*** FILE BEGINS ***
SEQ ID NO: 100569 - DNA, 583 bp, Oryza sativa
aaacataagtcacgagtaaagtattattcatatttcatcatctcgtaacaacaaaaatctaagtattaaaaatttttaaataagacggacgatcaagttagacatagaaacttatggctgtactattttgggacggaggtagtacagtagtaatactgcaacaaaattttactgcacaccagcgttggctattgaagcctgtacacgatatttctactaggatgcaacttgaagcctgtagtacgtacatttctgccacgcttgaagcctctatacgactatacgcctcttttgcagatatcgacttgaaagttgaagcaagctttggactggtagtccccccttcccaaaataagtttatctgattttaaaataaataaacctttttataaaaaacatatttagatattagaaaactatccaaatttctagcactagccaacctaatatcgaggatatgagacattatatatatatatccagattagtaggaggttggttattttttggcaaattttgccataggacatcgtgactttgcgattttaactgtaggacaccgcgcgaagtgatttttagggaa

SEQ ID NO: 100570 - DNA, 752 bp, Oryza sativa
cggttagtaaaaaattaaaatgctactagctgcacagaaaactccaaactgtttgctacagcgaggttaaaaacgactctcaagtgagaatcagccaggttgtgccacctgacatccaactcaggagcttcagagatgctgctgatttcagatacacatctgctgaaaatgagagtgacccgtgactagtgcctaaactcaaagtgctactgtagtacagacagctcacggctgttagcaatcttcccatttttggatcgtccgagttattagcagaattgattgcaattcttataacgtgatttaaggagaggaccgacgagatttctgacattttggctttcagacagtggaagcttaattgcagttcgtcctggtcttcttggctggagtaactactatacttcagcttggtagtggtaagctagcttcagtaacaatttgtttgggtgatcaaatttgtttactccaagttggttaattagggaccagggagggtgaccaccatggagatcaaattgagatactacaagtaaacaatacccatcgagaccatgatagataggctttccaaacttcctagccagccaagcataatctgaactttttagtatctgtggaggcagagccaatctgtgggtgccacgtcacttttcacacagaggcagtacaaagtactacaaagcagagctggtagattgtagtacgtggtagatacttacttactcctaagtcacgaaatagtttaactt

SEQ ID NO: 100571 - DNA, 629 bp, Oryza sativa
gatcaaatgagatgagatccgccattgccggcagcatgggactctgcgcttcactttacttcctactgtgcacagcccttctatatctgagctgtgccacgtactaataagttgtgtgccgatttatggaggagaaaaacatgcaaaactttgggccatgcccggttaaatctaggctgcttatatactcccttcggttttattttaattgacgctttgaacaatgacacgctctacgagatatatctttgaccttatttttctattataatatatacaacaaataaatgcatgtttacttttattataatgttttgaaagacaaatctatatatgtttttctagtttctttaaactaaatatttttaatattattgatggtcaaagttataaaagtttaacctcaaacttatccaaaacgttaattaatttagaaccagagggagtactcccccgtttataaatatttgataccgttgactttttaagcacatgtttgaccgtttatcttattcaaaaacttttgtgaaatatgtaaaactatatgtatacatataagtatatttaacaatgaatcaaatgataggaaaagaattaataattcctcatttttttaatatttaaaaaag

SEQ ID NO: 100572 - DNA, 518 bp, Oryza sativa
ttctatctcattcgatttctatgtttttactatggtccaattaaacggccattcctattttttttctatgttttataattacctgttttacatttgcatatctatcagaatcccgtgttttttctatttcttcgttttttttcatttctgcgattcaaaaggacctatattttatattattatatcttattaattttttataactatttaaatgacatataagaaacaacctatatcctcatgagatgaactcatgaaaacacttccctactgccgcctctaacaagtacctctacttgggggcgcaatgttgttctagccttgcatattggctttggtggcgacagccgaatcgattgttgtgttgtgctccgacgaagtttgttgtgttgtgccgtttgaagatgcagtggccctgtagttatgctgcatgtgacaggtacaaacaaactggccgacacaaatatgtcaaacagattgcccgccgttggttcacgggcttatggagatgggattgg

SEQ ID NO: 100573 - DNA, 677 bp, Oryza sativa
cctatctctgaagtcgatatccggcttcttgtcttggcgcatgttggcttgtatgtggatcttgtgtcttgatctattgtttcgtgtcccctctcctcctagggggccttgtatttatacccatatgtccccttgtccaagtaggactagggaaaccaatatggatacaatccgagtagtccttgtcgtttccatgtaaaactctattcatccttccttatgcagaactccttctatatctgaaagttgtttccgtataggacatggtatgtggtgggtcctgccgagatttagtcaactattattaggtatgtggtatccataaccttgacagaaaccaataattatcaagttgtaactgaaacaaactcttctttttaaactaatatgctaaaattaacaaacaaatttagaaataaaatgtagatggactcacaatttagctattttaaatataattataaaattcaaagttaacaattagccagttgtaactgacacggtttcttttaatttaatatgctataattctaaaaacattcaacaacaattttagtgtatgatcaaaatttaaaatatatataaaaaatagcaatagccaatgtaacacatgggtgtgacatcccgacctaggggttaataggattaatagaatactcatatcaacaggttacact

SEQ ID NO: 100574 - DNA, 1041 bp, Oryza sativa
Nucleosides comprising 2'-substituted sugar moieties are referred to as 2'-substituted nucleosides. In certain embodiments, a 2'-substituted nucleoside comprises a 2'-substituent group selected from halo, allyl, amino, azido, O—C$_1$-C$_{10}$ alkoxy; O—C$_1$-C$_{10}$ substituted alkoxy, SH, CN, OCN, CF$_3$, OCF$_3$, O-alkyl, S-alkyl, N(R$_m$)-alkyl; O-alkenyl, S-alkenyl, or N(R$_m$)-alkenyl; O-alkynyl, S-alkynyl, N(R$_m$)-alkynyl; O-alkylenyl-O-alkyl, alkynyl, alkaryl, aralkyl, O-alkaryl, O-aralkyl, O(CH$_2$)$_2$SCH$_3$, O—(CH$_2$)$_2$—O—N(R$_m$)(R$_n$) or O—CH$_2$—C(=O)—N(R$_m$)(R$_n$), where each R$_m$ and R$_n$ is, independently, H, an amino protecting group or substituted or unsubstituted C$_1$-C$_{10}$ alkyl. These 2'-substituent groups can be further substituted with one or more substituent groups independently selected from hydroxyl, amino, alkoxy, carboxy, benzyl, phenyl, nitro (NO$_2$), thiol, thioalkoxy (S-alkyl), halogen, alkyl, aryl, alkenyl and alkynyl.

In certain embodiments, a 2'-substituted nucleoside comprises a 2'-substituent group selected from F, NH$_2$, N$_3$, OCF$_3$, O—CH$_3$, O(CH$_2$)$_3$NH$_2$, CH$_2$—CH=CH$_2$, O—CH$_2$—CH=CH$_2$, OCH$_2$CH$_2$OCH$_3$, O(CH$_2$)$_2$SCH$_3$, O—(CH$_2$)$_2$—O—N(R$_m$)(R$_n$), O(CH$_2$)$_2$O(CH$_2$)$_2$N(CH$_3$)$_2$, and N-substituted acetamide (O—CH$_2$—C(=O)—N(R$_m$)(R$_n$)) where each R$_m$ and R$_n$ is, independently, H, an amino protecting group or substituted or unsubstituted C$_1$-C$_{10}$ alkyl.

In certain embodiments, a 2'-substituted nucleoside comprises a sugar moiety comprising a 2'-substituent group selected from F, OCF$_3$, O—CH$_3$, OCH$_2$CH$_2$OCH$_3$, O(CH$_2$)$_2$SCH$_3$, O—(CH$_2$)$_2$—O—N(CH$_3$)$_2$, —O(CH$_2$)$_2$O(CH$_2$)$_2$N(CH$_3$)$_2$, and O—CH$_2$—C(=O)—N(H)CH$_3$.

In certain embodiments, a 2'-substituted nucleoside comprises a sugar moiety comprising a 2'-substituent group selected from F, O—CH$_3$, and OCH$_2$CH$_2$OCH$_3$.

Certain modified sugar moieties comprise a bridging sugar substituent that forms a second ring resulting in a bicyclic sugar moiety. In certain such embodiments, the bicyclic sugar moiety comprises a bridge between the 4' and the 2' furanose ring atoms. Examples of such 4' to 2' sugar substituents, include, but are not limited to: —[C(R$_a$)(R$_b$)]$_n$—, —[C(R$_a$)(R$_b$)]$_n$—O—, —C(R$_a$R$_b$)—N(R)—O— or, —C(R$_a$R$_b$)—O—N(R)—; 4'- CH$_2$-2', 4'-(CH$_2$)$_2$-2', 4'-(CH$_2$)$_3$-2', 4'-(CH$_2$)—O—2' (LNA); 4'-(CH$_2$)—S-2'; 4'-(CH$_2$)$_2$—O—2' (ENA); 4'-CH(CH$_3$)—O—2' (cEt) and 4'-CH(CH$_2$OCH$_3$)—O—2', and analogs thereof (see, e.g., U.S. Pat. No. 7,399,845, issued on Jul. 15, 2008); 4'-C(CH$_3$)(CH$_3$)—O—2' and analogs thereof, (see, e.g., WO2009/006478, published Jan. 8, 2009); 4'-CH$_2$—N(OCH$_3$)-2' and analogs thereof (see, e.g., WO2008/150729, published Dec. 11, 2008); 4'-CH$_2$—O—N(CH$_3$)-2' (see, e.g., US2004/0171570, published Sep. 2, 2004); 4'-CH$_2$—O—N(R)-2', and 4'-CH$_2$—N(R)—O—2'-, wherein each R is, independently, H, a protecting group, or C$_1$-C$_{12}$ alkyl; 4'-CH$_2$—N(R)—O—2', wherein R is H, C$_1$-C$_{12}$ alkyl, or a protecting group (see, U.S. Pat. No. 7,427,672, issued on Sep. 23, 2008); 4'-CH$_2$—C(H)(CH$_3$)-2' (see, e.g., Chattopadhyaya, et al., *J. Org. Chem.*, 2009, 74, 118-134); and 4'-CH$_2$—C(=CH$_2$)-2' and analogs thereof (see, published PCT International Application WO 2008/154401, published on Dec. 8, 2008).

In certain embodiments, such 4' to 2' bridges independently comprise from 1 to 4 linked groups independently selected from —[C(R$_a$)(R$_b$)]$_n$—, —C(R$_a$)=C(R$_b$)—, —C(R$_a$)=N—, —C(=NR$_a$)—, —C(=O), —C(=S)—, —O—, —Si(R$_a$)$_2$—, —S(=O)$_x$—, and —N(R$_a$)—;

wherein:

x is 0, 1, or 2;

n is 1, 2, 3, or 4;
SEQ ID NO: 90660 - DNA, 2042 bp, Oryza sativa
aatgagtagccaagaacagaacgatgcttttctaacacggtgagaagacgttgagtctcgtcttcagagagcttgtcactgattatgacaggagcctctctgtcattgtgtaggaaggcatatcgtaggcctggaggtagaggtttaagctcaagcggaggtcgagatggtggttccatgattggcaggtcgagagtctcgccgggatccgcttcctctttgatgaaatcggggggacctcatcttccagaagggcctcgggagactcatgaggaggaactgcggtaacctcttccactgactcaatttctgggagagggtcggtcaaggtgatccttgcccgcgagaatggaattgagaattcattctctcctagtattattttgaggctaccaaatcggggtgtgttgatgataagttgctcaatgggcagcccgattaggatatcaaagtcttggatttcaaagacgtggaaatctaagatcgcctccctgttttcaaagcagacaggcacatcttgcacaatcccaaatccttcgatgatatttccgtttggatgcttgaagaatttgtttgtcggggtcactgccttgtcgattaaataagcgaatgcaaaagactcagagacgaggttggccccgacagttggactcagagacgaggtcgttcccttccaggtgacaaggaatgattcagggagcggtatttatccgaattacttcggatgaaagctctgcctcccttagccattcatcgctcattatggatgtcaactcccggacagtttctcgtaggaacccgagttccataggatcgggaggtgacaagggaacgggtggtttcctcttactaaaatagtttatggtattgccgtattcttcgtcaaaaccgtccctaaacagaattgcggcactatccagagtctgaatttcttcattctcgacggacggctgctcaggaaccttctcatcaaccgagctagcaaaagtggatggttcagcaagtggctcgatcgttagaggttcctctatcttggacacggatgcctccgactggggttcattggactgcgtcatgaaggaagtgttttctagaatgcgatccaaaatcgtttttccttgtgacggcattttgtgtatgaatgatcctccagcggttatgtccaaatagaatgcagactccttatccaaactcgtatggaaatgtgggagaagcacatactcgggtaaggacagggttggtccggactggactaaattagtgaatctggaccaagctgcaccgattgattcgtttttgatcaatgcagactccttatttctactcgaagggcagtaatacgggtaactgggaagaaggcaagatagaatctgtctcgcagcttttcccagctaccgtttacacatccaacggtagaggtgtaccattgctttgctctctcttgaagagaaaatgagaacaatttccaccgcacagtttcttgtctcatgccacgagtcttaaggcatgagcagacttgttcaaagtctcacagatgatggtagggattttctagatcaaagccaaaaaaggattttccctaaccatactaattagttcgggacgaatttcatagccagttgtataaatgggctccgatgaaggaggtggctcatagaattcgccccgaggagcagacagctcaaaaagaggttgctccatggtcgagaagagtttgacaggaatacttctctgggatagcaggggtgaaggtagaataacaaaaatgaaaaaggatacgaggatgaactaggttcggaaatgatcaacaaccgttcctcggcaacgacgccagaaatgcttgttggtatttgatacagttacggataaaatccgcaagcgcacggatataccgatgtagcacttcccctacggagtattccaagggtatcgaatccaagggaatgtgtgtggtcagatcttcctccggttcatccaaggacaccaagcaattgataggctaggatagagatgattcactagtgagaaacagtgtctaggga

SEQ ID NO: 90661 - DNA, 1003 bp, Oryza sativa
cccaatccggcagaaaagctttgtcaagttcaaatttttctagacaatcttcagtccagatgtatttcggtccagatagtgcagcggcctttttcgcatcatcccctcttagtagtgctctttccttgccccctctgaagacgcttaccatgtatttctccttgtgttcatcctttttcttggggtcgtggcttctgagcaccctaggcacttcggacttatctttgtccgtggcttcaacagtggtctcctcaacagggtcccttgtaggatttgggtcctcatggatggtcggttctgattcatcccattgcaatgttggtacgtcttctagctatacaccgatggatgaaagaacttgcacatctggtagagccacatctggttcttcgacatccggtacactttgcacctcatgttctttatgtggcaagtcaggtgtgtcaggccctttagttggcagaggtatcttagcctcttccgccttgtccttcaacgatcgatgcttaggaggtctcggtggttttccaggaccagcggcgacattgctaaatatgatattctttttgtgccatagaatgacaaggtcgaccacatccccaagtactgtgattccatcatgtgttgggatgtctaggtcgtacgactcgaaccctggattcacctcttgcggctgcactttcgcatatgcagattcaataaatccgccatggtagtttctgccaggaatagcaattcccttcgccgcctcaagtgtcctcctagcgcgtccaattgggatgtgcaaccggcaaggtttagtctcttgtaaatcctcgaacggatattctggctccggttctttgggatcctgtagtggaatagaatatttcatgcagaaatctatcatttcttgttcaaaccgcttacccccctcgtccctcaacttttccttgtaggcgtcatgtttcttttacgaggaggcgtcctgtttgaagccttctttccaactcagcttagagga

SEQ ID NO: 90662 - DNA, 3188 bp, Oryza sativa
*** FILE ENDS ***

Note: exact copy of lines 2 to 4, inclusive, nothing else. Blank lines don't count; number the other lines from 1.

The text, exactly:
aaacataagtcacgagtaaagtattattcatatttcatcatctcgtaacaacaaaaatctaagtattaaaaatttttaaataagacggacgatcaagttagacatagaaacttatggctgtactattttgggacggaggtagtacagtagtaatactgcaacaaaattttactgcacaccagcgttggctattgaagcctgtacacgatatttctactaggatgcaacttgaagcctgtagtacgtacatttctgccacgcttgaagcctctatacgactatacgcctcttttgcagatatcgacttgaaagttgaagcaagctttggactggtagtccccccttcccaaaataagtttatctgattttaaaataaataaacctttttataaaaaacatatttagatattagaaaactatccaaatttctagcactagccaacctaatatcgaggatatgagacattatatatatatatccagattagtaggaggttggttattttttggcaaattttgccataggacatcgtgactttgcgattttaactgtaggacaccgcgcgaagtgatttttagggaa

SEQ ID NO: 100570 - DNA, 752 bp, Oryza sativa
cggttagtaaaaaattaaaatgctactagctgcacagaaaactccaaactgtttgctacagcgaggttaaaaacgactctcaagtgagaatcagccaggttgtgccacctgacatccaactcaggagcttcagagatgctgctgatttcagatacacatctgctgaaaatgagagtgacccgtgactagtgcctaaactcaaagtgctactgtagtacagacagctcacggctgttagcaatcttcccatttttggatcgtccgagttattagcagaattgattgcaattcttataacgtgatttaaggagaggaccgacgagatttctgacattttggctttcagacagtggaagcttaattgcagttcgtcctggtcttcttggctggagtaactactatacttcagcttggtagtggtaagctagcttcagtaacaatttgtttgggtgatcaaatttgtttactccaagttggttaattagggaccagggagggtgaccaccatggagatcaaattgagatactacaagtaaacaatacccatcgagaccatgatagataggctttccaaacttcctagccagccaagcataatctgaactttttagtatctgtggaggcagagccaatctgtgggtgccacgtcacttttcacacagaggcagtacaaagtactacaaagcagagctggtagattgtagtacgtggtagatacttacttactcctaagtcacgaaatagtttaactt